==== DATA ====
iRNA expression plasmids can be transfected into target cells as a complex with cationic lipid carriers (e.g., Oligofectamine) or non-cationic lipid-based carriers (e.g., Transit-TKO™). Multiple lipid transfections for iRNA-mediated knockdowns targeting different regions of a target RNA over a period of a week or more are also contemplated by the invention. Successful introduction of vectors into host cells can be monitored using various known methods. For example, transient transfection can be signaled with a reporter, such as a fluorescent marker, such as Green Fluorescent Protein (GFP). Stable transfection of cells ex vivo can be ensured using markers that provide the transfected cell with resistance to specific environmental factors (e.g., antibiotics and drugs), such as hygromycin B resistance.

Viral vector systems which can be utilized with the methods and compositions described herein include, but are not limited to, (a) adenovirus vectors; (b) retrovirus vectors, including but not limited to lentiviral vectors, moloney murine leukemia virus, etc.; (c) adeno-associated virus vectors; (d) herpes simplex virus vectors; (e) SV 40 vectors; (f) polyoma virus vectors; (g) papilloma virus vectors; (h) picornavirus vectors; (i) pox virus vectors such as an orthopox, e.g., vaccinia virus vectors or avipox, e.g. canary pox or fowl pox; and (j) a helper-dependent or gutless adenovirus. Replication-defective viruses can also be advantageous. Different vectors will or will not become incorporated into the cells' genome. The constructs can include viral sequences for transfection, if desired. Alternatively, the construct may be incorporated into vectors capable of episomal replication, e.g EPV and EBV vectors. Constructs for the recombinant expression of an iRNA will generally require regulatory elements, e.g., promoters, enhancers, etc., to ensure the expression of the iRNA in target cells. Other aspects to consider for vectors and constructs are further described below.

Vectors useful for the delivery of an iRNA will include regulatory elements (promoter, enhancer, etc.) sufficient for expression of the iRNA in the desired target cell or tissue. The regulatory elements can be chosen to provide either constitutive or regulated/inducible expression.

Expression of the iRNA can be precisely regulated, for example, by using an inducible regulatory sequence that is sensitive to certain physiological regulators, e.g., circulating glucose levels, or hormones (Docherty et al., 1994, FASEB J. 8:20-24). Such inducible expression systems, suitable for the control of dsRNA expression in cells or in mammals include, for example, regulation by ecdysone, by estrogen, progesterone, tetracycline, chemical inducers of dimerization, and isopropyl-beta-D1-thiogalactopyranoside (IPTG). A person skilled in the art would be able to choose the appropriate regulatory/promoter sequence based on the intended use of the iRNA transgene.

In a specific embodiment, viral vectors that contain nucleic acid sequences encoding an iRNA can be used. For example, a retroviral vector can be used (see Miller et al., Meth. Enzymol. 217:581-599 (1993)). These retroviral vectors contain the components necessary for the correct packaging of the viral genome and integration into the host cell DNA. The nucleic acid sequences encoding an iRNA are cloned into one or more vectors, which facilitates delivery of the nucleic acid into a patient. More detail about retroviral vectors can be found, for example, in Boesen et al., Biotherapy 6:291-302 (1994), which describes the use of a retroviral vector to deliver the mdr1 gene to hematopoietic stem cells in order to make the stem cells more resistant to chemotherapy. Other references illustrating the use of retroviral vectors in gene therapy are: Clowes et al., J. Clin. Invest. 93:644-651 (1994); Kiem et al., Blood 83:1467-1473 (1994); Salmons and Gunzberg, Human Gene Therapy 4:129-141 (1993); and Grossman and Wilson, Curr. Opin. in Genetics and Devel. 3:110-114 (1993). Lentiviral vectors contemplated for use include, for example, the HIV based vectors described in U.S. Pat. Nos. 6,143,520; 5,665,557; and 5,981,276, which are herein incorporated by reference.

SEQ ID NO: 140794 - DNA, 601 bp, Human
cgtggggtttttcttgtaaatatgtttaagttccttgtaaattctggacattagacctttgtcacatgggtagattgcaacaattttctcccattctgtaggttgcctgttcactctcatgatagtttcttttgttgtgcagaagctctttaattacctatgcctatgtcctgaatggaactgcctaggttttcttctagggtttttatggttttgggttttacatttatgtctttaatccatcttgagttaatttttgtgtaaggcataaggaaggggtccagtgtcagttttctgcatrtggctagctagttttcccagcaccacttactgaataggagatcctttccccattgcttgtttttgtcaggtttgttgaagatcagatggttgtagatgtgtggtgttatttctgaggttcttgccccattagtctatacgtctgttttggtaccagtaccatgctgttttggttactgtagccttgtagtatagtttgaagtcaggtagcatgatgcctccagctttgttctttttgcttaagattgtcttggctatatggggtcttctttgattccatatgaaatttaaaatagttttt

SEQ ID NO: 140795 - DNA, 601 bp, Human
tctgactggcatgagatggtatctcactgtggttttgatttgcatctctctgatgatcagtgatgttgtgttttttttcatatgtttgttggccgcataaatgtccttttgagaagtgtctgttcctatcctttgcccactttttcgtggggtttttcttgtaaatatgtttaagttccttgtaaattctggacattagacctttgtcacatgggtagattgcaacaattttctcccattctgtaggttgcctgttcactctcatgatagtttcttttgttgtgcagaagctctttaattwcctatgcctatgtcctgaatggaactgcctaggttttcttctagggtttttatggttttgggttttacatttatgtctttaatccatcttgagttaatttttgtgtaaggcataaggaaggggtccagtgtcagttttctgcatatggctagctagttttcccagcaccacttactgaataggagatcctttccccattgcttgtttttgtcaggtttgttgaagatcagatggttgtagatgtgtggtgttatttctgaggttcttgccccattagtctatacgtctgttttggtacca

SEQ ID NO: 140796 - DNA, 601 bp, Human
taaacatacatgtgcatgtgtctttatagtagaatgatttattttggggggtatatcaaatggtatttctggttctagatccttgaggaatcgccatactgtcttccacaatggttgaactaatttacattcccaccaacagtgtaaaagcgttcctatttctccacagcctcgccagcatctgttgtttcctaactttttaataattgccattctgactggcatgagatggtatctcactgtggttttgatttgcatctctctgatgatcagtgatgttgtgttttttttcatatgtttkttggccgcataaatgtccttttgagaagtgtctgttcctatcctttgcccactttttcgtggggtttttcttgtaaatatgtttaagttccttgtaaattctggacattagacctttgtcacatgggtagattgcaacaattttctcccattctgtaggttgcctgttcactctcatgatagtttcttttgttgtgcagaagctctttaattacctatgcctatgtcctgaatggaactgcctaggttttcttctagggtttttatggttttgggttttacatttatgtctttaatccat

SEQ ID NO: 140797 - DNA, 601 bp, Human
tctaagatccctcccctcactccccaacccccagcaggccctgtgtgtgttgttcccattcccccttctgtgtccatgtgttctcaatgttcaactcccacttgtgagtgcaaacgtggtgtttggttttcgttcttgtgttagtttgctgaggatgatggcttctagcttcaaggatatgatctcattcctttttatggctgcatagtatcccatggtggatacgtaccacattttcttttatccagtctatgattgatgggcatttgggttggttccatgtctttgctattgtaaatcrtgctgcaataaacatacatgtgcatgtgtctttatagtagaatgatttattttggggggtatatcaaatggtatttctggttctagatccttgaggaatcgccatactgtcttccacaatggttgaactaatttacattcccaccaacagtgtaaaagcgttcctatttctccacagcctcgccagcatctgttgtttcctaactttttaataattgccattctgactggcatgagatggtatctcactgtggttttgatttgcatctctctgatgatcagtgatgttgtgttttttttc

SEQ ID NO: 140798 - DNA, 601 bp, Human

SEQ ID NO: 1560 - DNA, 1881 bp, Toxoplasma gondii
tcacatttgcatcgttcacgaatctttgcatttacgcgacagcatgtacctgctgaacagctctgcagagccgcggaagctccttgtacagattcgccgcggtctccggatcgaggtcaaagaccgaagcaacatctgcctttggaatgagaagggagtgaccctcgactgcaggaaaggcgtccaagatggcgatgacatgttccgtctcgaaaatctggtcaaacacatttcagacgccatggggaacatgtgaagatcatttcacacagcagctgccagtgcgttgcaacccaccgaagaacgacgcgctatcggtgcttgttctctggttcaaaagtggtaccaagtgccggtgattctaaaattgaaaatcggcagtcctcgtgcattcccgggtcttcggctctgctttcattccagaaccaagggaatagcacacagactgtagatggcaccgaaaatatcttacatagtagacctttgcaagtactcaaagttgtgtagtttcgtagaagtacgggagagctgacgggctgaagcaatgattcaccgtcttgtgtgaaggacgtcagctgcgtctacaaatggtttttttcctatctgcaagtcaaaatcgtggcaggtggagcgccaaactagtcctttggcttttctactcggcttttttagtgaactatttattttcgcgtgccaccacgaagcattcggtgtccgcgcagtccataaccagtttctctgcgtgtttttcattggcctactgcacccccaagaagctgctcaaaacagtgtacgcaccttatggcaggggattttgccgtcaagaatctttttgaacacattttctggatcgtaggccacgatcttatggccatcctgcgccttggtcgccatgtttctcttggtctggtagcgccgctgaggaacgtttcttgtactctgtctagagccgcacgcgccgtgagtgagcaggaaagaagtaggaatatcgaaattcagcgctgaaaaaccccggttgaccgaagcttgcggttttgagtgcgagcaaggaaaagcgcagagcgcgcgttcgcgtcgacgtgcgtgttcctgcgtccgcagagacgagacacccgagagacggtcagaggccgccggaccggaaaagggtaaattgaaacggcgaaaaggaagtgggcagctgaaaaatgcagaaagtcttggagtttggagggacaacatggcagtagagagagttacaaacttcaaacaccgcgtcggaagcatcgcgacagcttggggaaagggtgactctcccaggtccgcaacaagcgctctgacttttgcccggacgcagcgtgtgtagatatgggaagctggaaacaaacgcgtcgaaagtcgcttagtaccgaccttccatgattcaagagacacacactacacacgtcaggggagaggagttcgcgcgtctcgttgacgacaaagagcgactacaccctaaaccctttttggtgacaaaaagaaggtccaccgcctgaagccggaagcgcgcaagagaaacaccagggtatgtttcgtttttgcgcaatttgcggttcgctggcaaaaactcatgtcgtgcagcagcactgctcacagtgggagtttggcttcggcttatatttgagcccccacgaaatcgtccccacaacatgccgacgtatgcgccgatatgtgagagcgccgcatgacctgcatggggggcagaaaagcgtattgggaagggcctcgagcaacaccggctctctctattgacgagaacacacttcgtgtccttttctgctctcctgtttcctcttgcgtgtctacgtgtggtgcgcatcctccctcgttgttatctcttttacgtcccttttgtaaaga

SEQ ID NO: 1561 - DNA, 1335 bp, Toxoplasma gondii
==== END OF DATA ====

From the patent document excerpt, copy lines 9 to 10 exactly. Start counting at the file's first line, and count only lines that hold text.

tctgactggcatgagatggtatctcactgtggttttgatttgcatctctctgatgatcagtgatgttgtgttttttttcatatgtttgttggccgcataaatgtccttttgagaagtgtctgttcctatcctttgcccactttttcgtggggtttttcttgtaaatatgtttaagttccttgtaaattctggacattagacctttgtcacatgggtagattgcaacaattttctcccattctgtaggttgcctgttcactctcatgatagtttcttttgttgtgcagaagctctttaattwcctatgcctatgtcctgaatggaactgcctaggttttcttctagggtttttatggttttgggttttacatttatgtctttaatccatcttgagttaatttttgtgtaaggcataaggaaggggtccagtgtcagttttctgcatatggctagctagttttcccagcaccacttactgaataggagatcctttccccattgcttgtttttgtcaggtttgttgaagatcagatggttgtagatgtgtggtgttatttctgaggttcttgccccattagtctatacgtctgttttggtacca

SEQ ID NO: 140796 - DNA, 601 bp, Human